Ethiopia: Into the Simien Mountains

Five minutes drive into the Simien National Park we came across our first group of Gelada monkeys. Our driver shrugged when we asked to get out. What was an amazing sight for us was, we now know, just part of everyday life 3,000m up in the mountains.

Our guide, the wonderful Eshete Berju, was thrilled at our enthusiasm. He urged us to go nearer.

“Are you certain?” I asked, looking nervously at the 100 or more baboons frantically tearing at grass whilst grunting at each other. Posing for a photo we were urged nearer and nearer by Eshete and by the total lack of reaction, it was clear the monkeys didn’t give a monkeys about visitors!

It was a glorious introduction to the Simien Mountains and hanging out with Geladas became a necessary and magical part of each day’s trekking; and one that never bored.

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The trip up to the Park was easy and fun. It started really when we got to Debark, to the park office. Craggy, rugged rangers hung around outside, ancient guns slung over their shoulders like troubadours would wear their guitars. Assigned to us for the four day trip was Fantoun, whose museum piece wouldn’t scare a five year old, let alone a hungry leopard. In the truck, Kate asked: “When was the last time you fired it?” Eshete translated and everyone laughed – Fantoun, our driver, Messi the chef and his sidekick. “Well?” Prompted Kate.

“Oh, he’s never shot it,” declared Eshete, seemingly amazed.

“So how does he know it works?”

“Well, he takes it apart and puts it back together all the time, so he knows all the parts work.”

Our laughter set them off again. It was going to be a fun trip.

Debark is at 2,800m and our first camp was 3,250m.

Altitude Guide to our camps and peaks.
Altitude Guide to our camps and peaks.

It’s not much of an elevation but when you’re trying to acclimatise the heart starts to pound and the breath shorten the very second that a path heads uphill. Thankfully that first day, nothing was too steep. Once the driver left us to trek, taking Messi and his assistant onto camp, Eshete, Fantoun, Kate and I set off for a few hours to walk to camp.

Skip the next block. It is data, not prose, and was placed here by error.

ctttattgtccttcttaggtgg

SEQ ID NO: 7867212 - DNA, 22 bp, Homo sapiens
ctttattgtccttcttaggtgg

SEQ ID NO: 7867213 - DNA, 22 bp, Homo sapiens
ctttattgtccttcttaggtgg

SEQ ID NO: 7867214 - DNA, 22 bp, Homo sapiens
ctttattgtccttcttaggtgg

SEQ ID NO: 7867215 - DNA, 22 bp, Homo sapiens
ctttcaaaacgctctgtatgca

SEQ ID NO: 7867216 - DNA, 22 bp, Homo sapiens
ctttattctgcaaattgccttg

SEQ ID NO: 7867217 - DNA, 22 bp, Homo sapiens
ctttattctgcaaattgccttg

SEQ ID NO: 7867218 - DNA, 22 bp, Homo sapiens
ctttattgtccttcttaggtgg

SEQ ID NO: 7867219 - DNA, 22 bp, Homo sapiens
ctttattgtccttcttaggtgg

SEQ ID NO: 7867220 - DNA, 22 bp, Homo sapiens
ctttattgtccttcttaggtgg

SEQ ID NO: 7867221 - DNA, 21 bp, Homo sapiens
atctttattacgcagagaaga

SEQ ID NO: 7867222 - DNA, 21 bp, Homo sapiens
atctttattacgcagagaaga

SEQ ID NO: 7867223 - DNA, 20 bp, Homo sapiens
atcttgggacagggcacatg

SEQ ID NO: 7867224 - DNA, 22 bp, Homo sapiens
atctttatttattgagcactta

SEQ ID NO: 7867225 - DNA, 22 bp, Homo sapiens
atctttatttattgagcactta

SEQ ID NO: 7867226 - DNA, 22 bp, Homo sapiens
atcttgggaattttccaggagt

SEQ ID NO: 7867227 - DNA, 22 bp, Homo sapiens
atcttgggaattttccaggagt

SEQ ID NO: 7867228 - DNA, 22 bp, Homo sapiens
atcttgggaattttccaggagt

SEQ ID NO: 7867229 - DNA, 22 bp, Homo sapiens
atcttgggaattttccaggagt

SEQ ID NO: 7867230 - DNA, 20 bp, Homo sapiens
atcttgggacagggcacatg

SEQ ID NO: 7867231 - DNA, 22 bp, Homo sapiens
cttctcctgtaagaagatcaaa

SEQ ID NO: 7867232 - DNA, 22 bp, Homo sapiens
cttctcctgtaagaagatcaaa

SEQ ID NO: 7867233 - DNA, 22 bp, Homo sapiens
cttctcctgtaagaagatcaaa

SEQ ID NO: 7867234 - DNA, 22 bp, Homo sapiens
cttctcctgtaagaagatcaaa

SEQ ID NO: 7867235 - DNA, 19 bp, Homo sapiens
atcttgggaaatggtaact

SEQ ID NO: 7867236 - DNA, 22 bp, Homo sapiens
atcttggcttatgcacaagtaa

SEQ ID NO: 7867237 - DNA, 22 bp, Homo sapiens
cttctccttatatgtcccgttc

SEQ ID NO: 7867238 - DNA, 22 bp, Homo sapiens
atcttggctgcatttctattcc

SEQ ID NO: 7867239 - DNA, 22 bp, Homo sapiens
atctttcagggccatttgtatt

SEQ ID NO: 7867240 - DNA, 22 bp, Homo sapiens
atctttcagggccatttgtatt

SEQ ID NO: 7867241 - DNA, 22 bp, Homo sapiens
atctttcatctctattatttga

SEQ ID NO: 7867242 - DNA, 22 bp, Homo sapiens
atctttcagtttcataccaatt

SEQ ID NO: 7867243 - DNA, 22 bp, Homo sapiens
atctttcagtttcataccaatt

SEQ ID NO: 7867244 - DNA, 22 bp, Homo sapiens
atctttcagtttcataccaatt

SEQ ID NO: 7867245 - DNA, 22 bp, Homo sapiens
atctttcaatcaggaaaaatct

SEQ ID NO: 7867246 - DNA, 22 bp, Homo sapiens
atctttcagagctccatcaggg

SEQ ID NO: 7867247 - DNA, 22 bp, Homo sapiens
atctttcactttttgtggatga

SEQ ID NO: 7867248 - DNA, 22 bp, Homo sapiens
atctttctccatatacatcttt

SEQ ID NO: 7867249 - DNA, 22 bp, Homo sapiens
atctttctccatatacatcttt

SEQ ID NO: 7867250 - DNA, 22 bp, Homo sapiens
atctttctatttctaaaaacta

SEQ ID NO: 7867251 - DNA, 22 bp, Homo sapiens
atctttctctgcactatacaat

Just twenty minutes in, Eshete chatted to a couple of children and then pointed off track into a flat, almost treeless plain.

“There is a big group of geladas across there.” We couldn’t see them but we set off. It took me a long time to spot them but when I did, I was astounded. Hundreds of them. Hundreds. We had lunch with them. Geladas have absolutely no interest in the food we eat, so we were sitting surrounded by them. It was weird. And amazing. The noise is fascinating, as mostly it’s the sound of constant tearing and munching of grass. Every now and then, there would be a minor squabble about nothing and a minor game of chase, but mostly just tearing and munching, munching and tearing.

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Eventually we set off again and the afternoon was filled with great views and birds of prey. As Kate said, “The Simien Mountains: a great place to be a buzzard.” I think I could watch birds coast the thermals for hours on end. It was hard to tear ourselves away from each and every cliff face.

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We arrived at camp to find our tent up and a camp table laid out with flasks of tea and coffee. Popcorn arrived within minutes. It’s the snack of choice in Ethiopia – it’s part of the coffee ceremony that takes place all over the country in most houses, hostelries and hotels.

The view just beyond our campsite was fantastic; a gorge so peaceful that the only sounds were bees (do they have bees that high up or is this a figment of my imagination?) and the occasional distant chatter from the campsite. It was a lovely place to sit as the light mellowed.

The view from the campsite
The view from the campsite

The minute the sun started to sink, however, it got cold. Suddenly we were very grateful for the fire in the cooking hut and layering up, we rushed inside. Expecting a simple supper, we were staggered at what Messi had achieved. He had one big gas ring and about eight different pots. Vast quantities of vegetable soup were followed by a main course of about six different veggies and pasta. As if that wasn’t spectacular enough, we had banana fritters for pud. I had been expecting very simple one pot cooking on the trip. I couldn’t have been more delighted.

Messi the chef - a genius of the cooking hut and a nice bloke to boot.
Messi the chef – a genius of the cooking hut and a nice bloke to boot.

And to top it off, we were given a hot water bottle each to take back to our little tent.

Not bad at all for a first day in the mountains.

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